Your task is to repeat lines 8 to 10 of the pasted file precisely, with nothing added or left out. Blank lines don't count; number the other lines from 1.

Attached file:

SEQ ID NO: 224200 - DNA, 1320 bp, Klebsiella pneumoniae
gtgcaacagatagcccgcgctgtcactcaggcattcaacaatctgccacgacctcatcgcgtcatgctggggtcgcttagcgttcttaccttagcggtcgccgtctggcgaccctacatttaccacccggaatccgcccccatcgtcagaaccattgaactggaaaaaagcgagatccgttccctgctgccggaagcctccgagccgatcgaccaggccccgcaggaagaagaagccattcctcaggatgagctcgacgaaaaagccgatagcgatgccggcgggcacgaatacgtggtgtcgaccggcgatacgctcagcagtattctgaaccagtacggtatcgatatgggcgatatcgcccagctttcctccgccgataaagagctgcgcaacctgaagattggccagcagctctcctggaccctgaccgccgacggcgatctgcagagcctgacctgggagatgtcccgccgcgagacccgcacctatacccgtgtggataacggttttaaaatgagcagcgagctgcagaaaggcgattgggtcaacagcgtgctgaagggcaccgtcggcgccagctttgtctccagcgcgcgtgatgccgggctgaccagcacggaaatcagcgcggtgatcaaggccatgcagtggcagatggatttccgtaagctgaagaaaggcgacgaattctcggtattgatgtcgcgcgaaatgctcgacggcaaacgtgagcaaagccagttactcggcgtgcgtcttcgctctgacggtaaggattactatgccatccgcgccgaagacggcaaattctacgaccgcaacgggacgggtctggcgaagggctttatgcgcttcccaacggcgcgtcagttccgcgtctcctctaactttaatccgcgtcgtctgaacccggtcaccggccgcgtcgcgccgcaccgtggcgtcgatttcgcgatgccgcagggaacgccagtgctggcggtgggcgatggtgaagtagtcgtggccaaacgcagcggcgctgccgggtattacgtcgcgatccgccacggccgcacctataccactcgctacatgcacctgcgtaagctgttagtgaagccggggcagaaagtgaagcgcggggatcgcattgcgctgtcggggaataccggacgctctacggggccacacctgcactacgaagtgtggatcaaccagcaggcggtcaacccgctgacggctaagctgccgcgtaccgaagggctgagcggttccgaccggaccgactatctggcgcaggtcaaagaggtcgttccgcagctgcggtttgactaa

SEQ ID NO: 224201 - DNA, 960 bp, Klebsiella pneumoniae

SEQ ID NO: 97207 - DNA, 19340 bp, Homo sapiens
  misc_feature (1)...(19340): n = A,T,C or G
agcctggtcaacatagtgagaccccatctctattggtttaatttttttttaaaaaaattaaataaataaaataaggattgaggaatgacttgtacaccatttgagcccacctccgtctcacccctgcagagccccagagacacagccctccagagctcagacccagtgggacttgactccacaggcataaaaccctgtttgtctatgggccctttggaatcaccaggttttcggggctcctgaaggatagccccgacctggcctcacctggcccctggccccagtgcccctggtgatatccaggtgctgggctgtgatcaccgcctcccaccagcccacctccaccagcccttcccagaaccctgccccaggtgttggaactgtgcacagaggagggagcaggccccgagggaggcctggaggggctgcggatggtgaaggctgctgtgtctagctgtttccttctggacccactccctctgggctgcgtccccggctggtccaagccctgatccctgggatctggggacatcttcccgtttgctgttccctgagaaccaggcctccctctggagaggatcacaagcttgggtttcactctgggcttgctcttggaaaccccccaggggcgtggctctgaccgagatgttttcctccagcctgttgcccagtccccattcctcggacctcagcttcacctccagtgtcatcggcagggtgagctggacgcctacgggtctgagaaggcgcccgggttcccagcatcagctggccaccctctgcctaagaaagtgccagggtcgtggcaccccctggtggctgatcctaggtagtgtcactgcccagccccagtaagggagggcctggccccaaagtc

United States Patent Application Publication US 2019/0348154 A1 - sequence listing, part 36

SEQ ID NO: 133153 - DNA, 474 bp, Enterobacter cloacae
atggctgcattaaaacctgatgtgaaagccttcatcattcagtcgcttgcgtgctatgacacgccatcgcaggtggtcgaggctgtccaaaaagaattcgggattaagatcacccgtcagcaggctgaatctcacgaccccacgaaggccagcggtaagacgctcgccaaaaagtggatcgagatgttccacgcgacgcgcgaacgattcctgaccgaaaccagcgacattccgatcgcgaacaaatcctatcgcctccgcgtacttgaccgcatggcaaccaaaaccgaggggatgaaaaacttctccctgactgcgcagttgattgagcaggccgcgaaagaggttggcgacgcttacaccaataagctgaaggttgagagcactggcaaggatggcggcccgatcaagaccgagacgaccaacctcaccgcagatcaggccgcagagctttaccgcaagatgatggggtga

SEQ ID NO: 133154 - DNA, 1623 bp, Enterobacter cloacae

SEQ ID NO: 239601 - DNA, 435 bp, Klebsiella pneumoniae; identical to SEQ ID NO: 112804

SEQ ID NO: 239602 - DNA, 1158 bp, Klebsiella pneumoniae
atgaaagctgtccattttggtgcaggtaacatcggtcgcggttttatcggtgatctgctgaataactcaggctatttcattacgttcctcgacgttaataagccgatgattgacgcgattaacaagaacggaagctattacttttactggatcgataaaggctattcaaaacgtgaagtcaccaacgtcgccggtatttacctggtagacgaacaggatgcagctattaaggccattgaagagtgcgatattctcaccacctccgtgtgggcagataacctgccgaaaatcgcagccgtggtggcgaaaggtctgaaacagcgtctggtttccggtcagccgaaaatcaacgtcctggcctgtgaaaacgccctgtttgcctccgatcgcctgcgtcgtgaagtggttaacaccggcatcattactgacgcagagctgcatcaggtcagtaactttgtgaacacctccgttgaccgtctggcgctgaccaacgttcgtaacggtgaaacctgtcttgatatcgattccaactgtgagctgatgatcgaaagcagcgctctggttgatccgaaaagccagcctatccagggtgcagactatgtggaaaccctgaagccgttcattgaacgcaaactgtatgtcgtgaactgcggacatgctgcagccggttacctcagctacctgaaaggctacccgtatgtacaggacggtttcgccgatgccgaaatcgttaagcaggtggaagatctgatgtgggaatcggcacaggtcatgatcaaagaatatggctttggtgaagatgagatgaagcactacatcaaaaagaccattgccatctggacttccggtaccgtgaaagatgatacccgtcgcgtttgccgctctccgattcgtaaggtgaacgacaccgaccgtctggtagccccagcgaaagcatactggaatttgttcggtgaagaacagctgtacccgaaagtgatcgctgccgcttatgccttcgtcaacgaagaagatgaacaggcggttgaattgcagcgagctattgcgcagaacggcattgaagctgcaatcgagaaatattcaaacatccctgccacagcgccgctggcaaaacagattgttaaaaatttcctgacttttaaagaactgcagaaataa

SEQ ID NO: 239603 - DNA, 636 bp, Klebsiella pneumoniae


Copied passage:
SEQ ID NO: 133153 - DNA, 474 bp, Enterobacter cloacae
atggctgcattaaaacctgatgtgaaagccttcatcattcagtcgcttgcgtgctatgacacgccatcgcaggtggtcgaggctgtccaaaaagaattcgggattaagatcacccgtcagcaggctgaatctcacgaccccacgaaggccagcggtaagacgctcgccaaaaagtggatcgagatgttccacgcgacgcgcgaacgattcctgaccgaaaccagcgacattccgatcgcgaacaaatcctatcgcctccgcgtacttgaccgcatggcaaccaaaaccgaggggatgaaaaacttctccctgactgcgcagttgattgagcaggccgcgaaagaggttggcgacgcttacaccaataagctgaaggttgagagcactggcaaggatggcggcccgatcaagaccgagacgaccaacctcaccgcagatcaggccgcagagctttaccgcaagatgatggggtga

SEQ ID NO: 133154 - DNA, 1623 bp, Enterobacter cloacae